2. An AAD is recommended.

G. Recommended preparations

  1. General:
    1. All jumps must be coordinated in advance with the appropriate local, state, and federal aviation authorities.
    2. All jumps should be coordinated in advance with USPA for safety and for establishing new national and international skydiving records under the FAI Sporting Code.
  2. Oxygen monitor:
    1. For group jumps from above 15,000 feet MSL, it is helpful to appoint an oxygen monitor whose duties are to:
      1. inspect, operate, and monitor the oxygen systems during their use
      2. watch for symptoms of hypoxia and other altitude diseases in all jumpers
      3. initiate appropriate remedial measures in the event of oxygen equipment malfunction or jumper illness
      4. see that oxygen equipment is properly stowed before exit
    2. There should be one oxygen monitor for each six persons or each oxygen bottle, whichever is fewer.
  3. Communications in the aircraft are extremely limited by the wearing of oxygen masks.
    1. The spotter and oxygen monitor should establish with the jumpers and aircrew a standard set of hand signals for the commands, inquiries, and responses required during flight.
    2. A small blackboard or similar device may be helpful for communicating lengthier messages.
  4. Warning: Oxygen explosively accelerates burning.
    1. To prevent damage to aircraft and equipment and injury to persons from oxygen-fed flash fires, the aircraft should be electrically grounded during all ground practice.
    2. No smoking should be permitted in the vicinity of the aircraft, either on the ground or aloft, while oxygen equipment is on board.
  5. Ground practice
    1. Ground practice is essential because of—
      1. restrictions on communication
      2. the additional pre-exit activities required
      3. restricted vision (by the mask)
      4. restricted movement
        1. results from bulkier clothing
        2. is often further irritated by long periods of sitting and low cabin temperatures during the climb to jump altitude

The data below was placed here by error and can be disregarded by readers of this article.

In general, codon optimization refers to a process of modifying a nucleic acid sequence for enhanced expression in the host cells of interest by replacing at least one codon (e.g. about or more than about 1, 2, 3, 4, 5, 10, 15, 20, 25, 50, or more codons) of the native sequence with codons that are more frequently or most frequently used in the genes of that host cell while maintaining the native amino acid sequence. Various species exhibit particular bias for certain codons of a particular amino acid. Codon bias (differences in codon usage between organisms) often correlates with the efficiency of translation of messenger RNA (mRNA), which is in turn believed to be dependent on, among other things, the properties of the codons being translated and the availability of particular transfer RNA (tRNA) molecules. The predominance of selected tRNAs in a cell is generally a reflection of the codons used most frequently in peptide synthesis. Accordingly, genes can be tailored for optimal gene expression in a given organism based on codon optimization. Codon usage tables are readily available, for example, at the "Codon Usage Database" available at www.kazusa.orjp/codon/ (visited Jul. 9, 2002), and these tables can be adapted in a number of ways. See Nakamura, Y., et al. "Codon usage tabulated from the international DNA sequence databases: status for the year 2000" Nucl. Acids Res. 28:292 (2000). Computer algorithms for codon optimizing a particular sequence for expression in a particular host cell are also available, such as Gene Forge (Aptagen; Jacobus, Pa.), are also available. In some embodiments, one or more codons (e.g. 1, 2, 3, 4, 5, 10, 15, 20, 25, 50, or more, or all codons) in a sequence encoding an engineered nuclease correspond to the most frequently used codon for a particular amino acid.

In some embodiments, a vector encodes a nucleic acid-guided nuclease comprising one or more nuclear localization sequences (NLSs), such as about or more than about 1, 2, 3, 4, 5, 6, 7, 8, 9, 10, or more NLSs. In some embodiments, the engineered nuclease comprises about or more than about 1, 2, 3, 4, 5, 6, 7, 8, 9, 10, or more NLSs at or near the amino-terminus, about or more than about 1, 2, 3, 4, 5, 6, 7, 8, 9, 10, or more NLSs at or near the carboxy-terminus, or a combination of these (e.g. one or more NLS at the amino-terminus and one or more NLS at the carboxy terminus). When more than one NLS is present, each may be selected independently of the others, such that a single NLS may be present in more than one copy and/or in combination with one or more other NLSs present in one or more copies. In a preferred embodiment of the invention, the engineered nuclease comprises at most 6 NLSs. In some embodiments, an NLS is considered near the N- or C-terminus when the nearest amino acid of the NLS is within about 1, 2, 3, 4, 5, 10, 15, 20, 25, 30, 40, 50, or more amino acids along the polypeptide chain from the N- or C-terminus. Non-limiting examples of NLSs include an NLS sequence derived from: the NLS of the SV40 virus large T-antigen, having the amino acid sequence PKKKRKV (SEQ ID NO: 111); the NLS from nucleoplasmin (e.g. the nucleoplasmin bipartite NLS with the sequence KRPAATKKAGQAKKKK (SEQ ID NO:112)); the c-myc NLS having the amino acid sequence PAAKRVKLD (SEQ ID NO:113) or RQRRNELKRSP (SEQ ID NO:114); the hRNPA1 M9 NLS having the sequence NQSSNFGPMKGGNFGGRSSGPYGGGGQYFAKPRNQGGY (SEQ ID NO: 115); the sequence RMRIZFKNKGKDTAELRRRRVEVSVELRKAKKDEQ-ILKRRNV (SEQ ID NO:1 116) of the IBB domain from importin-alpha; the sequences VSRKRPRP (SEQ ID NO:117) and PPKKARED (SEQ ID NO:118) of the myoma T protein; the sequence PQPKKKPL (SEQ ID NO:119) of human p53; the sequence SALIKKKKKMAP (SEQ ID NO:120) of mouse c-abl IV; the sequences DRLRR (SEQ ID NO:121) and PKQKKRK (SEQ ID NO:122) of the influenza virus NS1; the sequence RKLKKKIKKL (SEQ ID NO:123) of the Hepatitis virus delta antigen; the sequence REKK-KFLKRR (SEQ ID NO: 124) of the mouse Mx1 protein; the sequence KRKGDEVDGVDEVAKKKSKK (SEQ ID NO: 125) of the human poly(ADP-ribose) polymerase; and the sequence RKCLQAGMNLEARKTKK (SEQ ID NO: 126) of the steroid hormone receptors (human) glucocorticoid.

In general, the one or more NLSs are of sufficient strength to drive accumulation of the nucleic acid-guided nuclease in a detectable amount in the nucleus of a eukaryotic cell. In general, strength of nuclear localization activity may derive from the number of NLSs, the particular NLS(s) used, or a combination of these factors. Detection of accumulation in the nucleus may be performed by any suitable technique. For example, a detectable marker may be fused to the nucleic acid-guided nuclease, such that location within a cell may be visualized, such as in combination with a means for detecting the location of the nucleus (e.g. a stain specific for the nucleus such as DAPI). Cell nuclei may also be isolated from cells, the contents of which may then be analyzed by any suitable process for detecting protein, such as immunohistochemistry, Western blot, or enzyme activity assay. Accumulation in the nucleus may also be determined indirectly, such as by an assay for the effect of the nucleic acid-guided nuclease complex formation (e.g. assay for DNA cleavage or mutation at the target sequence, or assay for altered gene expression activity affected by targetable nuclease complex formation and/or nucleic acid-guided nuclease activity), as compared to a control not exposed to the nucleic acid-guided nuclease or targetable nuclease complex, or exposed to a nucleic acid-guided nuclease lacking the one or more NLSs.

2. Signals and exit procedures should be practiced on the ground in the actual jump aircraft until everyone can perform the procedures—
      1. by hand-signal command
      2. smoothly and without discussion
    3. Practice will prevent confusion aloft that may result from inadequate rehearsal.
  6. Equipment checks:
    1. Equipment should be checked prior to loading the aircraft and especially before exit.
    2. In addition, the oxygen monitor should perform the “P.D. McCRIPE” oxygen equipment inspection: Pressure gauge Diaphragm Mask Connections at mask Connections at disconnect Regulator Indicator Portable unit (walk-around bottle) Emergency cylinders (bailout bottles)

H. Oxygen use procedures

Oxygen use procedures will vary with the equipment used, but the following are basic.

  1. Intermediate altitude:
    1. All participants should put on masks and begin breathing oxygen at 8,000 feet MSL.
      1. Breathing should be continuous throughout the remainder of the climb and jump run.
      2. This procedure should be conducted under the supervision of the oxygen monitor.
      3. This procedure is important (even if it doesn’t seem necessary), especially if more than one jump per day is planned.
    2. Two minutes from exit—
      1. The spotter signals “get ready.”
      2. At this time, all jumpers move into the ready position and prepare to remove their oxygen masks.
    3. prior to exit—
      1. Jumpers should stay on oxygen for as long as possible, removing their masks at the “climbout” or “exit” signal.
      2. The spotter need do nothing further than signal or lead the exit.
    4. In the event of an aborted jump run, the oxygen masks should be redistributed and donned, a wide orbit made, and the process repeated, with all skydivers again breathing oxygen until within 30 seconds of exit.
  2. High altitude:
  3. All skydivers should pre-breathe 100% oxygen under the supervision of the oxygen monitor for 30 minutes prior to takeoff when goal altitude is above 25,000 feet MSL.
  4. When goal altitude is lower than 25,000 feet MSL, all skydivers should begin breathing from their on-board oxygen source at 8,000 feet MSL, under the supervision of the oxygen monitor.
  5. Five minutes before exit, the spotter signals “get ready.”
  6. Two minutes from exit—
    1. The spotter signals two fingers and gives the command to activate bailout bottles, activates his own and, when he feels its pressure, disconnects from the aircraft oxygen system.
    2. To prevent goggles from fogging, jumpers should leave their goggles raised until bailout bottle activation is completed.